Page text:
That noise? Spitfires crashing

MORRIS DALLA COSTA -- London Free Press

, Last Updated: 7:58 AM ET

That noise from the Windsor Arena last night was loud and raucous Spitfire fans trying to inspire their team to new heights.

But the biggest noise was the sound of the team crashing back to earth.

Windsor's Round 1 comeback against the Sault Ste. Marie Greyhounds has reinvigorated the junior hockey atmosphere in this city. The Spitfires became the first OHL team since 1988 to come back and win a series after being down 3-0.

Last night, the Knights provided a dose of reality, winning 8-0 and giving London a 1-0 lead in the best-of-seven Western Conference semifinal series.

Yes, the Spitfires were tired. Yes, they're enormous underdogs. And, yes, no one expects them to win. But they did themselves no favour by playing stupid hockey.

The Windsor Arena, once hallowed junior hockey ground, has become fallow in recent years. The Spitfires play in an 80-year-old building that at one time was a terror for opposing teams.

How things change. The Spitfires have yet to put 4,000 in the building this year. Only 3,790 showed up last night, many of them Knights fans.

But it was almost like old times with the noise, which could be intimidating. The Spitfires played well in the first period and even though they were down 2-0 they weren't allowing the Knights an abundance of chances.

So with the atmosphere the way it was, why not return to the type of hockey often seen between these two teams in the past -- tough, hard and physical?

Then, for whatever reason, the Spitfires lost their mind, their composure and any chance they had of keeping things respectable. They took an astonishing number of stupid penalties, the worst being a five-minute major and game misconduct to Steve Downie that opened the flood-gates.

It became a whirlwind of slashing and hacking as the Spitfires whirled their sticks on whoever happened to be in the vicinity. There was a long procession to the penalty box.

Knights coach Dale Hunter has been quoted in the past as saying if a team takes needless, senseless, cheap-shot penalties against his team, he'll send out his top powerplay team to punish them.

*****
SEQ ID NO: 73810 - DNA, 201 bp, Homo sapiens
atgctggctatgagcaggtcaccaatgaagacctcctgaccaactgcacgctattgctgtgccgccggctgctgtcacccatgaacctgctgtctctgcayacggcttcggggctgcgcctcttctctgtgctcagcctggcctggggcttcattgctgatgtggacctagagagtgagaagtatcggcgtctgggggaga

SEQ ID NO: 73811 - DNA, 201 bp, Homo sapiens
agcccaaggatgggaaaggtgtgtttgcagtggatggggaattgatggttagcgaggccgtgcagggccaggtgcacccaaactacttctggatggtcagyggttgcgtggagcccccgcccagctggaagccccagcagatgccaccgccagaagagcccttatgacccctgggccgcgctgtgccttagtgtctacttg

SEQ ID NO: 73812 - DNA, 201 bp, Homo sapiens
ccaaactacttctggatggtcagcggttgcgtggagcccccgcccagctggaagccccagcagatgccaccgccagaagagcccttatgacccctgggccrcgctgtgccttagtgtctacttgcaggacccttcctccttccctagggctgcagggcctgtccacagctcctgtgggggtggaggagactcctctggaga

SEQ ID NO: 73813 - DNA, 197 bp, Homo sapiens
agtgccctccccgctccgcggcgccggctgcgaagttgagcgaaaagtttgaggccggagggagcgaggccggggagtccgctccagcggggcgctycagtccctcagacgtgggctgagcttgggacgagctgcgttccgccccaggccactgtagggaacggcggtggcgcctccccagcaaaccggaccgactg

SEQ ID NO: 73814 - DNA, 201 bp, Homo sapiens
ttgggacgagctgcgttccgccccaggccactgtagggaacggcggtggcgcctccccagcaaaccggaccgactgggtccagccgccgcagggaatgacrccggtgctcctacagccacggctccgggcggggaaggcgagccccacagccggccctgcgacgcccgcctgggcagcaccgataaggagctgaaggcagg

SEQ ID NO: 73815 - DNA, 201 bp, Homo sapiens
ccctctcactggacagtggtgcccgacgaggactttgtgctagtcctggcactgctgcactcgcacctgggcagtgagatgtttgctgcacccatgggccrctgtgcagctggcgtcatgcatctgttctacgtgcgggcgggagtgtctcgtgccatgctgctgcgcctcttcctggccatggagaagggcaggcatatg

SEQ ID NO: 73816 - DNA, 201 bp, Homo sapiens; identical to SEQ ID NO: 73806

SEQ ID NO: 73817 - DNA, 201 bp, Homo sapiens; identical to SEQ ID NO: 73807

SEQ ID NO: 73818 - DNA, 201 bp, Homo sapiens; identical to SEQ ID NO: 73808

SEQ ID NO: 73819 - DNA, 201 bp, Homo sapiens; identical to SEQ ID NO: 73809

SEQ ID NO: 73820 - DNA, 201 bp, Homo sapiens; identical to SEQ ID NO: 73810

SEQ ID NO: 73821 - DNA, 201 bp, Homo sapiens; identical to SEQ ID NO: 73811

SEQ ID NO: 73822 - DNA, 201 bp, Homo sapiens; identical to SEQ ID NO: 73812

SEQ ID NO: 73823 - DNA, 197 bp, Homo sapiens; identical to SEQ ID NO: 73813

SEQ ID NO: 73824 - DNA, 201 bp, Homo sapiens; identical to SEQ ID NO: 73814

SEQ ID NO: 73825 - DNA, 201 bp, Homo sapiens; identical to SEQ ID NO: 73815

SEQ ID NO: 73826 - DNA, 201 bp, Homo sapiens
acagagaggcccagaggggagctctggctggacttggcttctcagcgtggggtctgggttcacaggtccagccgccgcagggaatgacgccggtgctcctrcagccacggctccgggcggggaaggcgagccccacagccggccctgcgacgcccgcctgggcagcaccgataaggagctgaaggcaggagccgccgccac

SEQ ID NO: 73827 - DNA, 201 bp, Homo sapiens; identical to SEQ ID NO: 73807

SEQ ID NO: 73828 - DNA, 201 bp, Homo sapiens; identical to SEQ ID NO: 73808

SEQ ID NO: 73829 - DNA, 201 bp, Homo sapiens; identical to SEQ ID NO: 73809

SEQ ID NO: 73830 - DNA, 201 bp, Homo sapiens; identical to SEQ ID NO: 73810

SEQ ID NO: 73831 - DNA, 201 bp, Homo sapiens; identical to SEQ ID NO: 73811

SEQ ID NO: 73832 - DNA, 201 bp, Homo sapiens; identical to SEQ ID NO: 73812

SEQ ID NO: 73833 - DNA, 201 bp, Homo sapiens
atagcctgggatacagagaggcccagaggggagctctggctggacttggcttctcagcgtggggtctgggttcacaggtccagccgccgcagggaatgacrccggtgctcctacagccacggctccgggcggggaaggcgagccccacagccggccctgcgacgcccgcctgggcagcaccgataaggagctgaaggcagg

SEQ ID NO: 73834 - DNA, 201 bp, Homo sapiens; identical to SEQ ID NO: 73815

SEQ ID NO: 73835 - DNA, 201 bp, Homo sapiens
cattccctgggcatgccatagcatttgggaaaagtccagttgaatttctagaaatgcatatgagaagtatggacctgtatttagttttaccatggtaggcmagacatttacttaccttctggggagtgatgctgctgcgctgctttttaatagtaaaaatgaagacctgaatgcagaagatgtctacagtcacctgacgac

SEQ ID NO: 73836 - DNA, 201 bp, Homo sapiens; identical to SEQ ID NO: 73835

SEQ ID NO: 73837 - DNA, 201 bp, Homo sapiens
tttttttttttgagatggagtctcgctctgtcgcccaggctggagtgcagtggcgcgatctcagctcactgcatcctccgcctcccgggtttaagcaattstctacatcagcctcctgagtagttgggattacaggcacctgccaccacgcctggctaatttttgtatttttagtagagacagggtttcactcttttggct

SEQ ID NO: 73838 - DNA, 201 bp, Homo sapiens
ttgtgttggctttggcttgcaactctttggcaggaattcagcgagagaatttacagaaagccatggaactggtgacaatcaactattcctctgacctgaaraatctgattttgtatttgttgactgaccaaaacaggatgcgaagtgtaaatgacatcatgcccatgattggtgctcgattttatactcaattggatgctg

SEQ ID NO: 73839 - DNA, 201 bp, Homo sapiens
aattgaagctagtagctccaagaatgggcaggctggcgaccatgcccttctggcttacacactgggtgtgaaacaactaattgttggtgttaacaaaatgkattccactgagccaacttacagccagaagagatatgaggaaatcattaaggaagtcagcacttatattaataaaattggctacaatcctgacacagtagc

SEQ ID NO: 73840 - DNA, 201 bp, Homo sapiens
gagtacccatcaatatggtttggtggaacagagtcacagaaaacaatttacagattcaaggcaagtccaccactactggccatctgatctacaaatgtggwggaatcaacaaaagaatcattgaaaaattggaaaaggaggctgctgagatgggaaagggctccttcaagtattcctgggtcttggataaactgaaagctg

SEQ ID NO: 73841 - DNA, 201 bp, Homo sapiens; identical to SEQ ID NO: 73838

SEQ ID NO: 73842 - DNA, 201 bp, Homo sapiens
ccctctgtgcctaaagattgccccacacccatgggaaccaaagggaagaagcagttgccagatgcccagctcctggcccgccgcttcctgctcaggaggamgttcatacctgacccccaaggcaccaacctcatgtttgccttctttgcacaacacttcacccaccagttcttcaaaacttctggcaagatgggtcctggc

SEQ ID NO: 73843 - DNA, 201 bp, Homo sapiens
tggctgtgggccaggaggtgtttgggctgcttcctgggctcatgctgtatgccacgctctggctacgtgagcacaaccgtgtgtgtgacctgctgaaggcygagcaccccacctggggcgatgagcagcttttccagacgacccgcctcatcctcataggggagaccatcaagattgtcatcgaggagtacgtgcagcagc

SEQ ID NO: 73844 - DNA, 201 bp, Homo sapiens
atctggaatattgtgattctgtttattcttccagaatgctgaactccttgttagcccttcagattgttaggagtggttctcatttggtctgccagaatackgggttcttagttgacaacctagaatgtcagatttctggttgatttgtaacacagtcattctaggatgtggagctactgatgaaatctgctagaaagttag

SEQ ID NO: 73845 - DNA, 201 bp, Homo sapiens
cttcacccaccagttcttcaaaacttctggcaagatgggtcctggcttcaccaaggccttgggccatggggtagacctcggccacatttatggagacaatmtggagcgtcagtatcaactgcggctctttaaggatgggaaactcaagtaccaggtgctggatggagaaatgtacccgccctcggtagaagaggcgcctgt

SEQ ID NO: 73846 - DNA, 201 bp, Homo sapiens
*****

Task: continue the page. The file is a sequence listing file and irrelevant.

That he did. The Knights scored five power-play goals in the second to take a 7-0 lead.

Everything Dylan Hunter shot seemed to find the net. He had four goals. Rob Schremp had a power-play goal and was Public Enemy No. 1 with the fans when he took a slash to the back of the leg by Paul Giallonardo, was limping badly but came back to score.

"He slashed me on the back of the leg and it went numb. Everyone thought I was faking," said Schremp. "The first 10 minutes they came out flying. They were playing good physical hockey, not being chippy. Then they decided they wanted to start two-handing instead of hitting. It should be a lesson learned but if they want to give us five power-play goals a game that's fine with us."

Schremp believes in punishing the transgressor as Hunter does. That's why he was so anxious to score a goal. It was followed by an emphatic uppercut fist pump toward the crowd. "After that guy two-handed me, he skated by and said next time he's going to break my leg, so to get even I wanted to score a goal. Slash me all night for all I care."

The jury is out on whether physical play will be effective against the Knights. But taking goofy penalties has proven time and again that all that buys you is grief because this team doesn't rattle very easily.


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